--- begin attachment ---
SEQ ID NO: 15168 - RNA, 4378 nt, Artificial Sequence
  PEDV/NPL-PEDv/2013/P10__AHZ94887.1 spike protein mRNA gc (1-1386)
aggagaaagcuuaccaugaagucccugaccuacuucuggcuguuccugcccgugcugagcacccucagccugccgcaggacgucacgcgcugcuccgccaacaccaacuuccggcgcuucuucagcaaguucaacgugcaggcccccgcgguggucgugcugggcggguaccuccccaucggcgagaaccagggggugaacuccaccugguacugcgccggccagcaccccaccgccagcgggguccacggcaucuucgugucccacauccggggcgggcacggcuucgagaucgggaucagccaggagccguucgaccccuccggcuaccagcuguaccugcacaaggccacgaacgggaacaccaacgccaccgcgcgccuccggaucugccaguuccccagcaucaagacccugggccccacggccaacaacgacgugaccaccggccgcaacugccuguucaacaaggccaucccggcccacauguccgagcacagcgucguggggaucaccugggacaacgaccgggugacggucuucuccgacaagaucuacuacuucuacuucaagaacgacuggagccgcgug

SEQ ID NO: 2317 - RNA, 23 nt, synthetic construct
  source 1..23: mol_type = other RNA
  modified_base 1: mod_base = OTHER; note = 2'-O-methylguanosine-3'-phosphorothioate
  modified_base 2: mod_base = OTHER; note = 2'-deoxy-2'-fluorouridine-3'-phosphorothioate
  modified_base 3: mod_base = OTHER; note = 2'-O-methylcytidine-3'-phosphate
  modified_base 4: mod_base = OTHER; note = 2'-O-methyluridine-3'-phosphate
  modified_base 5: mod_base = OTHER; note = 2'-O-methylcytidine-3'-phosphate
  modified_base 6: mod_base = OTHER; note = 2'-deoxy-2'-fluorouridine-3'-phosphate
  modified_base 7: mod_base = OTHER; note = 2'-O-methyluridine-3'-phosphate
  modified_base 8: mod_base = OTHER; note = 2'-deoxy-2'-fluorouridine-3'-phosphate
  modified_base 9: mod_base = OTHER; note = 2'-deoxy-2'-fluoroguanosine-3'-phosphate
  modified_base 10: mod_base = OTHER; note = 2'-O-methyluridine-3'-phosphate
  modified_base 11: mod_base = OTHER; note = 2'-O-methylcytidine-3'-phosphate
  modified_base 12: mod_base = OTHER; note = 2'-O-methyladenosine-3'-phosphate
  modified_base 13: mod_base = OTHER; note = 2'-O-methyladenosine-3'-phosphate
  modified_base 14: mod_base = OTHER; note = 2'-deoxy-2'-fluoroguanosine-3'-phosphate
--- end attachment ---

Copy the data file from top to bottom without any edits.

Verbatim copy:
SEQ ID NO: 15168 - RNA, 4378 nt, Artificial Sequence
  PEDV/NPL-PEDv/2013/P10__AHZ94887.1 spike protein mRNA gc (1-1386)
aggagaaagcuuaccaugaagucccugaccuacuucuggcuguuccugcccgugcugagcacccucagccugccgcaggacgucacgcgcugcuccgccaacaccaacuuccggcgcuucuucagcaaguucaacgugcaggcccccgcgguggucgugcugggcggguaccuccccaucggcgagaaccagggggugaacuccaccugguacugcgccggccagcaccccaccgccagcgggguccacggcaucuucgugucccacauccggggcgggcacggcuucgagaucgggaucagccaggagccguucgaccccuccggcuaccagcuguaccugcacaaggccacgaacgggaacaccaacgccaccgcgcgccuccggaucugccaguuccccagcaucaagacccugggccccacggccaacaacgacgugaccaccggccgcaacugccuguucaacaaggccaucccggcccacauguccgagcacagcgucguggggaucaccugggacaacgaccgggugacggucuucuccgacaagaucuacuacuucuacuucaagaacgacuggagccgcgug

SEQ ID NO: 2317 - RNA, 23 nt, synthetic construct
  source 1..23: mol_type = other RNA
  modified_base 1: mod_base = OTHER; note = 2'-O-methylguanosine-3'-phosphorothioate
  modified_base 2: mod_base = OTHER; note = 2'-deoxy-2'-fluorouridine-3'-phosphorothioate
  modified_base 3: mod_base = OTHER; note = 2'-O-methylcytidine-3'-phosphate
  modified_base 4: mod_base = OTHER; note = 2'-O-methyluridine-3'-phosphate
  modified_base 5: mod_base = OTHER; note = 2'-O-methylcytidine-3'-phosphate
  modified_base 6: mod_base = OTHER; note = 2'-deoxy-2'-fluorouridine-3'-phosphate
  modified_base 7: mod_base = OTHER; note = 2'-O-methyluridine-3'-phosphate
  modified_base 8: mod_base = OTHER; note = 2'-deoxy-2'-fluorouridine-3'-phosphate
  modified_base 9: mod_base = OTHER; note = 2'-deoxy-2'-fluoroguanosine-3'-phosphate
  modified_base 10: mod_base = OTHER; note = 2'-O-methyluridine-3'-phosphate
  modified_base 11: mod_base = OTHER; note = 2'-O-methylcytidine-3'-phosphate
  modified_base 12: mod_base = OTHER; note = 2'-O-methyladenosine-3'-phosphate
  modified_base 13: mod_base = OTHER; note = 2'-O-methyladenosine-3'-phosphate
  modified_base 14: mod_base = OTHER; note = 2'-deoxy-2'-fluoroguanosine-3'-phosphate